According to a new global study about workplace bullying, bullying bosses are more accepted in Anglo countries such as the U.S. or the U.K than they are in many other countries.
The study was recently published in the Journal or Business Research and is co-authored by Nikos Bozionelos, who is a Professor at the Audencia Nantes School of Management.
The research also revealed that the kindest bosses reside in Latin America.
Bozionelos: “Our study shows that while industry type, salary and gender all influence acceptability of workplace bullying, the country’s culture of work is the biggest factor.”
He continues: “This is vital for multi-national corporations setting global HR policies and for employees considering out of country assignments. Both management and employees must realize that acceptance of employee abuse depends on location.”
The research revealed that Anglo countries have a “high performance orientation.” This means accomplishments and explicit communication are valued and the sense of urgency is high. Bullying is tolerated if this leads to better results.
Contrastingly, Latin American countries such as Argentina, Colombia and Mexico feel very strongly about a humane treatment of their employees and favour this over economic performance. As a result, bullying is a no-go. Bullying is also more acceptable in Confucian Asia, where the individual serves the greater whole.
According to the research, bullying on the work floor might pay off, but it definitely comes at a price: in extreme cases, it can lead to physical trauma. Bullied employees can feel trapped, which and can result in anxiety, depression and even suicidal thoughts.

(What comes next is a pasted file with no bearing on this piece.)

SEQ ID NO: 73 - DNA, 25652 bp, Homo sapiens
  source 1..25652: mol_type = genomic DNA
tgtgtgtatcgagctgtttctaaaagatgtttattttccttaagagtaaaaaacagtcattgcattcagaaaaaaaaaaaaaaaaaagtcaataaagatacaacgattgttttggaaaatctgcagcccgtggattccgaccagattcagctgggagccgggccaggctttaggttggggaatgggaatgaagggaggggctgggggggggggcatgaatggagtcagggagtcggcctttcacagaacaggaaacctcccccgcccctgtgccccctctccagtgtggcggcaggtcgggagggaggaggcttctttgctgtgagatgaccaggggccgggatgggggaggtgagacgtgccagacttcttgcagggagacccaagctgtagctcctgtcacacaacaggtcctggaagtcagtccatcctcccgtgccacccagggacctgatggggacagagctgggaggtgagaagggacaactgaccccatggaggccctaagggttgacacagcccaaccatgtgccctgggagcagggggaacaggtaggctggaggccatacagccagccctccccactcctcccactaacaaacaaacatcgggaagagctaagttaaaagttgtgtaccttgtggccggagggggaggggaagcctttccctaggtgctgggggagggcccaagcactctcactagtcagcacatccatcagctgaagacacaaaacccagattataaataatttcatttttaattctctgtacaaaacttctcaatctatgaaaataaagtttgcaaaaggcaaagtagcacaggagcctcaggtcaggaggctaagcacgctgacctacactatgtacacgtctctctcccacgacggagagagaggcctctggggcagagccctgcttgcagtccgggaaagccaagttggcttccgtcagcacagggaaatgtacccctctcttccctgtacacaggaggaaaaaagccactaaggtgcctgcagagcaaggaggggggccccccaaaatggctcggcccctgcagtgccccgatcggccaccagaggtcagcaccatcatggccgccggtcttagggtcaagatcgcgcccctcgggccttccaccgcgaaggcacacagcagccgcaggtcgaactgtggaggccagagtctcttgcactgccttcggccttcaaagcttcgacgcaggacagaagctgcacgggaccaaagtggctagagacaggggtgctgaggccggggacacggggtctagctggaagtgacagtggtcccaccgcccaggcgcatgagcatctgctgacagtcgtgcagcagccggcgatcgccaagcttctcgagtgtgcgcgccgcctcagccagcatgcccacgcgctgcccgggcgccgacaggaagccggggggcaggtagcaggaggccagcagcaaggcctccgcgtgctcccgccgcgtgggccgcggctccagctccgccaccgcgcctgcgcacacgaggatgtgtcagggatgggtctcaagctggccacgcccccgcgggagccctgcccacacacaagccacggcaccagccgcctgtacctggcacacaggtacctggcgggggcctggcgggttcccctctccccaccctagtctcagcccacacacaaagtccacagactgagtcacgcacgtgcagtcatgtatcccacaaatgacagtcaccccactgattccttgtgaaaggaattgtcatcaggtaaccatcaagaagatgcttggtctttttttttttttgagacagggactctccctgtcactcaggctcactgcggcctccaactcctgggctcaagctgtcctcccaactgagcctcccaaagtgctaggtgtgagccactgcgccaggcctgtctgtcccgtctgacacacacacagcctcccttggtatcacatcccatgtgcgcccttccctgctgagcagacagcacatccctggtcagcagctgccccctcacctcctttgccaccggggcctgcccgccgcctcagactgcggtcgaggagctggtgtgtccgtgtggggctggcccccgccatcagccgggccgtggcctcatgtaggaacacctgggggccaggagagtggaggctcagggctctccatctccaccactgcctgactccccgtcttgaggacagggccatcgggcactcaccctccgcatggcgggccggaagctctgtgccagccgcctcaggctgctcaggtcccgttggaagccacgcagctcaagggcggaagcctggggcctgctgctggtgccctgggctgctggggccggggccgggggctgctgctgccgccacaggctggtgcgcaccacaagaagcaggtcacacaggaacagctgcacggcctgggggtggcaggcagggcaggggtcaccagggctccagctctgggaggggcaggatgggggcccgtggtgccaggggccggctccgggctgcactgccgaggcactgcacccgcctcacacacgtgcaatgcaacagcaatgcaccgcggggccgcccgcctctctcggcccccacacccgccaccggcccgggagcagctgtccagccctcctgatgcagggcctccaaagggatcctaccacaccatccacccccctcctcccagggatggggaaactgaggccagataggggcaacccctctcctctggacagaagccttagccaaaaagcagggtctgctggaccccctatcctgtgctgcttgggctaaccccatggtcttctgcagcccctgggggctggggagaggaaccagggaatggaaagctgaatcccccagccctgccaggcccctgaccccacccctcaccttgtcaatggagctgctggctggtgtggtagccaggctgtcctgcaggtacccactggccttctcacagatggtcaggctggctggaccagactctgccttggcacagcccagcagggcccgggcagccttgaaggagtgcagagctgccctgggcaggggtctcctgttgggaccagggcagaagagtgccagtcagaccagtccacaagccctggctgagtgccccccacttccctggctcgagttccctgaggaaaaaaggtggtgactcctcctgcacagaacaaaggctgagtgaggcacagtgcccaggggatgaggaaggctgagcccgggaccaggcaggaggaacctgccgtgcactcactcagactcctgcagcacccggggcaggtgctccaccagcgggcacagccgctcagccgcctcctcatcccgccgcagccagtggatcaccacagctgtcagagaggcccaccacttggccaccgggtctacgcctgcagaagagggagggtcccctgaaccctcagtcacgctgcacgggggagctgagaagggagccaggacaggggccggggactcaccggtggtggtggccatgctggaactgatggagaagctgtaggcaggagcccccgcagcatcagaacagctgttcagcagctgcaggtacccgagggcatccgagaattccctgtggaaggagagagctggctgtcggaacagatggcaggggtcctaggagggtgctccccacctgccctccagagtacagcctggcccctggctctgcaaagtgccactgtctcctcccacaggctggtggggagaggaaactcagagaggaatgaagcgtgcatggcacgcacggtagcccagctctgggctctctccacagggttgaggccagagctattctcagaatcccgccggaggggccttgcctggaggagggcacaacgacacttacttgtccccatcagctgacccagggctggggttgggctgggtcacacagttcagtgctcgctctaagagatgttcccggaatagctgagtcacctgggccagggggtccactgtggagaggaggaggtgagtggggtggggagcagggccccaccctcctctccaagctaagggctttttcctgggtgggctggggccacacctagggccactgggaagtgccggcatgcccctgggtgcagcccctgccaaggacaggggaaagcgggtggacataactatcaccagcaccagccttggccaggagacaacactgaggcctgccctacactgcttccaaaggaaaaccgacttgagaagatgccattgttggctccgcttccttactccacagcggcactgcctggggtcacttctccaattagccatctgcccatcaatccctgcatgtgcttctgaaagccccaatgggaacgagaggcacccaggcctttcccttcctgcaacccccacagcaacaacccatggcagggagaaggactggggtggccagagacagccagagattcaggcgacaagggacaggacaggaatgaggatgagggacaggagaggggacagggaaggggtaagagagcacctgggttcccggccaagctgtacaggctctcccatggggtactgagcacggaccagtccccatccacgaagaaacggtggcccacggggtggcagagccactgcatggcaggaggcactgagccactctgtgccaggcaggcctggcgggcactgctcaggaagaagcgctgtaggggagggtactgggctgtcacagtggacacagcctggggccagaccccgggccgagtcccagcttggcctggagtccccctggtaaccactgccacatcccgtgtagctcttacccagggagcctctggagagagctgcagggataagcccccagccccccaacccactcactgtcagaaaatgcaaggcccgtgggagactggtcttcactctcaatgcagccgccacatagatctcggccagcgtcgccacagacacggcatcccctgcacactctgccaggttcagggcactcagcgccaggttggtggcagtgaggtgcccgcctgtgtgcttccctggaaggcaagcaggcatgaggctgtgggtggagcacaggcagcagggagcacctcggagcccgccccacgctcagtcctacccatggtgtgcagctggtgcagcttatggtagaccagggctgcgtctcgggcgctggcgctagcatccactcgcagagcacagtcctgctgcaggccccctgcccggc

The study reveals that the large degree of power supervisors in Asian countries such as Hong Kong and Taiwan have mean that employees are more likely to accept the fact that they are bullied. The number of bullied employees in the U.S. equals that of Asia, but American employees are more likely to suffer from their oppressing bosses as their culture highly values fairness.
The study was conducted among 1484 alumni and MBA students in fourteen different countries. The participants all had white-collar jobs and their educational level was more or less the same. As the variants were constant, researchers were able to find distinct differences in the acceptance of bullying per country.
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